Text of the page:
HLFS Ursprung - Ursprungstraße 4 - 5161 Elixhausen - schule@ursprung.lebensministerium.at
2. Motivation

Everyone has heard of Alzheimer’s, and yet few have direct contact to the disease that could easily become “public health enemy number one” in the future. Although the older people are most commonly afflicted with Alzheimer’s, the disease can also indirectly affect younger people, namely, family and friends.

How should you react, when you notice that your own grandma or grandpa keeps forgetting or confusing things or is increasingly confused in general? How do you properly deal with your loved one?  Can the disease be stopped?

One of our classmates has been confronted with this issue. His grandpa was diagnosed with Alzheimer’s disease. He wanted to know more about the disease and to understand it better.

It was nearly impossible for us, and our project leader Prof. Konrad Steiner, to answer many of his questions. So, we decided rather quickly to make Alzheimer’s disease the focus of our school project. Over the course of the project, we realized that nearly every one of us had had a personal experience with Alzheimer’s. Yet, when it came to how to deal with people with the disease, we were all equally clueless and rather uncertain.

So we went on our exciting trip into the fascinating world of science. We wanted to take advantage of the school laboratory and use current methods and high-tech equipment for our research. We also knew that our project work would be a nice change from the daily grind.

Of course, we knew that we had a difficult task ahead of us, which spurred us on even more. After all, despite intensive research, dementia is still incurable. For the laboratory component, we planned to study the effects of the small miRNA on plaque formation, which is commonly known as “calcification.”

As an alternative to the tricky lab work in the natural sciences, we organized a workshop with a clinical psychologist on the topic “Understanding Dementia.” It was about how dementia can be recognized in the early stages and how people with dementia can be treated respectfully and “properly.” In addition, we visited a nursing home and the University Clinic for Geriatrics. This gave us a very detailed and comprehensive picture of the disease.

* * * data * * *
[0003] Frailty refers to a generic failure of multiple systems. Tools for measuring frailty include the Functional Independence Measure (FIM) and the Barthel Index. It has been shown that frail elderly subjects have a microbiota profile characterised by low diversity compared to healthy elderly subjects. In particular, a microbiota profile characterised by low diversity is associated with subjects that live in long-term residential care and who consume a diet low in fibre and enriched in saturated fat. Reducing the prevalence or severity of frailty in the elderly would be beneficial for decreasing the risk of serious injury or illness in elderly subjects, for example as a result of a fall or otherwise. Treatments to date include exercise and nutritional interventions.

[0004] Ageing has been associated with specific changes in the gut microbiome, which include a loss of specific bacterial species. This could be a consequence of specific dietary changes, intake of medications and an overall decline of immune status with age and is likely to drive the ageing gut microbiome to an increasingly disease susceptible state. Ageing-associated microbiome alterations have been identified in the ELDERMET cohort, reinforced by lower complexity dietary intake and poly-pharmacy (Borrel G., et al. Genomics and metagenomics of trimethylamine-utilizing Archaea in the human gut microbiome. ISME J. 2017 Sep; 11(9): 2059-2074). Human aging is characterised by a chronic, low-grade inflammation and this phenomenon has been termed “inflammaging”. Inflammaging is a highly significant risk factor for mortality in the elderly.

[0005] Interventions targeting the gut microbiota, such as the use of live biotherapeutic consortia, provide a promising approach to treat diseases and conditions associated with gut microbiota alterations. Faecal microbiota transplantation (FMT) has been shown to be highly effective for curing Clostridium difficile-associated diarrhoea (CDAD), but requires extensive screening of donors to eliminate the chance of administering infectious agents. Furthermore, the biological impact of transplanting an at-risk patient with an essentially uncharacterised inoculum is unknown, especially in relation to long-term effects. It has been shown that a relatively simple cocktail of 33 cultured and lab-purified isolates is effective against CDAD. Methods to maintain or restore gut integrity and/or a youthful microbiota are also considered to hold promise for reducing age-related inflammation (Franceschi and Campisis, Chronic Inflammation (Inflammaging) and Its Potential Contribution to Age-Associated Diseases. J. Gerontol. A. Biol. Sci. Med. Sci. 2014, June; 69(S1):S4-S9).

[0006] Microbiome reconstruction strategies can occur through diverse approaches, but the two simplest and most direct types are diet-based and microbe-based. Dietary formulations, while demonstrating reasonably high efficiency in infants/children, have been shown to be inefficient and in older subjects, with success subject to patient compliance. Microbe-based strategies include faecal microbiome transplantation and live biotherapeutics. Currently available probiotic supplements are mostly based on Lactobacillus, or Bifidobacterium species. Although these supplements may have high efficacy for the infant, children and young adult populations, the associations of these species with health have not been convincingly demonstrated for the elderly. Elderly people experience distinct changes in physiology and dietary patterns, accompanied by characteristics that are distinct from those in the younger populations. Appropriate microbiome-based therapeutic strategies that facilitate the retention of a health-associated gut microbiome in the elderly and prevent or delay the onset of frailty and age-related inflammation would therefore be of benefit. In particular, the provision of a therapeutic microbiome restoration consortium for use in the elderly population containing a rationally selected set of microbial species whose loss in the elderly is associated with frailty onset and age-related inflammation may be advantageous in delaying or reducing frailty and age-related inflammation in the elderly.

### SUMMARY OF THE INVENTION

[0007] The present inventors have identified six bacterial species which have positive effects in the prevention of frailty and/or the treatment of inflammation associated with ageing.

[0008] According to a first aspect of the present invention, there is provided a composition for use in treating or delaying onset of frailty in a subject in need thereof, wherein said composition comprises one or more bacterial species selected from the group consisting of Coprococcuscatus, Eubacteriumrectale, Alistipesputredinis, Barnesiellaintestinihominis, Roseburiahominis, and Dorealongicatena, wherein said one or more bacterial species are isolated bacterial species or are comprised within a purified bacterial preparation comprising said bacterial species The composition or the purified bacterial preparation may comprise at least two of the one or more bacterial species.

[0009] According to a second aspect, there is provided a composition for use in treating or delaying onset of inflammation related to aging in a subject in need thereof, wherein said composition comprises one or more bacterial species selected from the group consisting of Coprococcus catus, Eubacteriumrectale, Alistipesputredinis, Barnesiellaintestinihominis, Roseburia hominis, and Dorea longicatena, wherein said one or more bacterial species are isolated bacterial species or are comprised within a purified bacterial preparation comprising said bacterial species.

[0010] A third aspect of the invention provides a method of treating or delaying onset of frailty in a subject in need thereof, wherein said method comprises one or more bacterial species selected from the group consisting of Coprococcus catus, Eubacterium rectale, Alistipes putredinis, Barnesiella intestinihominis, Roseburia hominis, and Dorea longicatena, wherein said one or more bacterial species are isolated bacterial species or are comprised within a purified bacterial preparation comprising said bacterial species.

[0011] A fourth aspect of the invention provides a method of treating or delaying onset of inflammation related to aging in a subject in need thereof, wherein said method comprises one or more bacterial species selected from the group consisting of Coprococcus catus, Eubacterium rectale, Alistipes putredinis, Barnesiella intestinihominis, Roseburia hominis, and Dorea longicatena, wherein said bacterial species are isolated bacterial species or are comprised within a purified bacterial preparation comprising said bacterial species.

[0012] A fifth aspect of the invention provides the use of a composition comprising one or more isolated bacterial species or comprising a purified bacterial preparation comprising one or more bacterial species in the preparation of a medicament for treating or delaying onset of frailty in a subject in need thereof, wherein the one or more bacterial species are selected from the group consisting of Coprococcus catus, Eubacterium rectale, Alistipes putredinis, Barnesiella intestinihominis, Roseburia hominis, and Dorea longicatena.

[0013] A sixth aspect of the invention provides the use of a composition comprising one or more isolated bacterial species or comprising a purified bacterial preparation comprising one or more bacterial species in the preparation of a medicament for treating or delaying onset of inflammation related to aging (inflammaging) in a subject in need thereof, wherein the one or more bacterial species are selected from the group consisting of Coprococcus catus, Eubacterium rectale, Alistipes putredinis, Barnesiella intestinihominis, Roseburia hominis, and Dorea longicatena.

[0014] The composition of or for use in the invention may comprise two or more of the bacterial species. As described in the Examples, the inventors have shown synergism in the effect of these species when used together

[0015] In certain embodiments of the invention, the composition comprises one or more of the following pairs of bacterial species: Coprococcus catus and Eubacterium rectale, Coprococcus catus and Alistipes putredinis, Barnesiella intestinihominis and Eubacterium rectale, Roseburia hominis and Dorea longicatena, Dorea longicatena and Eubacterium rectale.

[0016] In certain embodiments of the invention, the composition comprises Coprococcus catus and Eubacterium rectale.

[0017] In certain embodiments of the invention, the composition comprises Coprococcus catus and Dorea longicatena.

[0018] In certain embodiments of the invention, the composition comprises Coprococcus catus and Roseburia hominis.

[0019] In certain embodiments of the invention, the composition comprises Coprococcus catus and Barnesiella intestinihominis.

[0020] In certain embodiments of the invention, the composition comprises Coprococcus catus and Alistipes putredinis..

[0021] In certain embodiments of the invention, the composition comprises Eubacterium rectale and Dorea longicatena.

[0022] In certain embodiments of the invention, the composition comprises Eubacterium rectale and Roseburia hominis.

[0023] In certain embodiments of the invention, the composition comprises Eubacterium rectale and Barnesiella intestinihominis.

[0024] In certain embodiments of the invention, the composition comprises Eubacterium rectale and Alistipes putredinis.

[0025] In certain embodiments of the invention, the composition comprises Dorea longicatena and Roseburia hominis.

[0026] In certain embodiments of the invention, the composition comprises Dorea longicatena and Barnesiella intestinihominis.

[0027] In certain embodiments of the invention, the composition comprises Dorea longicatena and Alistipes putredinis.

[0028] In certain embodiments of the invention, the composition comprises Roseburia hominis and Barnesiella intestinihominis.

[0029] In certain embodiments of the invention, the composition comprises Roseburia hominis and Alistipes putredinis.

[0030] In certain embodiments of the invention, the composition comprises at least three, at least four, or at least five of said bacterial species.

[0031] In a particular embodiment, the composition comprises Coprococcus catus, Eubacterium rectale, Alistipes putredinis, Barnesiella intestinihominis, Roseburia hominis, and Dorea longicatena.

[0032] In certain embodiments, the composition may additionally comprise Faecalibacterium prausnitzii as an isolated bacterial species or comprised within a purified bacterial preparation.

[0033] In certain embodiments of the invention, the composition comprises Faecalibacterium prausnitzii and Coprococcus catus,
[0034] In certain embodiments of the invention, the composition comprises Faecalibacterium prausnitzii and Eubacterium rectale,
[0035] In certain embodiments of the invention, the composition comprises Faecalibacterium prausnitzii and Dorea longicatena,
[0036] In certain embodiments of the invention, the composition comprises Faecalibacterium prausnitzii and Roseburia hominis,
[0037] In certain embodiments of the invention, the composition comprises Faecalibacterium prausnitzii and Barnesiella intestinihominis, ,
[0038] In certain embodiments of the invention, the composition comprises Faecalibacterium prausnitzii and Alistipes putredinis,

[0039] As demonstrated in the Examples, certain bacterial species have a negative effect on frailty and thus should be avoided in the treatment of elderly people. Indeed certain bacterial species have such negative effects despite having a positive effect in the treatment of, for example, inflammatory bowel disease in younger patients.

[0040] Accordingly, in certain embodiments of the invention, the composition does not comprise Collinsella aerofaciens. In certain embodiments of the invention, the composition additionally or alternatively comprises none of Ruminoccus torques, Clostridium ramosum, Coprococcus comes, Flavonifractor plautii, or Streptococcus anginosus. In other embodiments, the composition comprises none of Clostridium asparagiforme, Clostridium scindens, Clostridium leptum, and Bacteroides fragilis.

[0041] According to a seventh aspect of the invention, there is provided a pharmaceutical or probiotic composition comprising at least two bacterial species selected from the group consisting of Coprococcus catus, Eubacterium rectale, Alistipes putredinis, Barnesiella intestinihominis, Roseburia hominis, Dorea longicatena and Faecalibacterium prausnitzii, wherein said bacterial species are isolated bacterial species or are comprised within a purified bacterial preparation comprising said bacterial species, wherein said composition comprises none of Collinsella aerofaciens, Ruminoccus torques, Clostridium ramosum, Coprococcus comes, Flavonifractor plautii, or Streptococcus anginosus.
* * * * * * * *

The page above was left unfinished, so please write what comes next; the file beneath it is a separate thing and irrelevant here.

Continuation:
Additionally, we had some anxieties and high expectations for our visit, which were, in the end, vastly exceeded. The clinical picture of the disease was literally right before our eyes. By speaking with the people in the nursing home, we were able to apply our previously acquired knowledge and saw the disease in a new light. Through direct contact with the people with the disease, we were able to take away many lessons for later in life. Our experiences will certainly be useful, should we ever have to personally deal with a case of dementia later in life, as the disease can affect anyone.

Finally, it’s worth reemphasizing that it is wrong to assume that youth and Alzheimer’s are opposites. The disease is definitely worth addressing at a young age for a couple of reasons. First, young people are often affected as relatives of someone with the disease.

Secondly, it is possible to counteractthe advancement of Alzheimer’s as the “public health enemy number one.” Due to our aging population, it is very important to maintain a functioning health care system by taking a proactive approach to Alzheimer’s disease. The longer the disease can be kept under control and the longer the affected individuals can be cared for at home, the better. Through diet and exercise, as well as regular brain training, it is possible to delay the onset of the disease.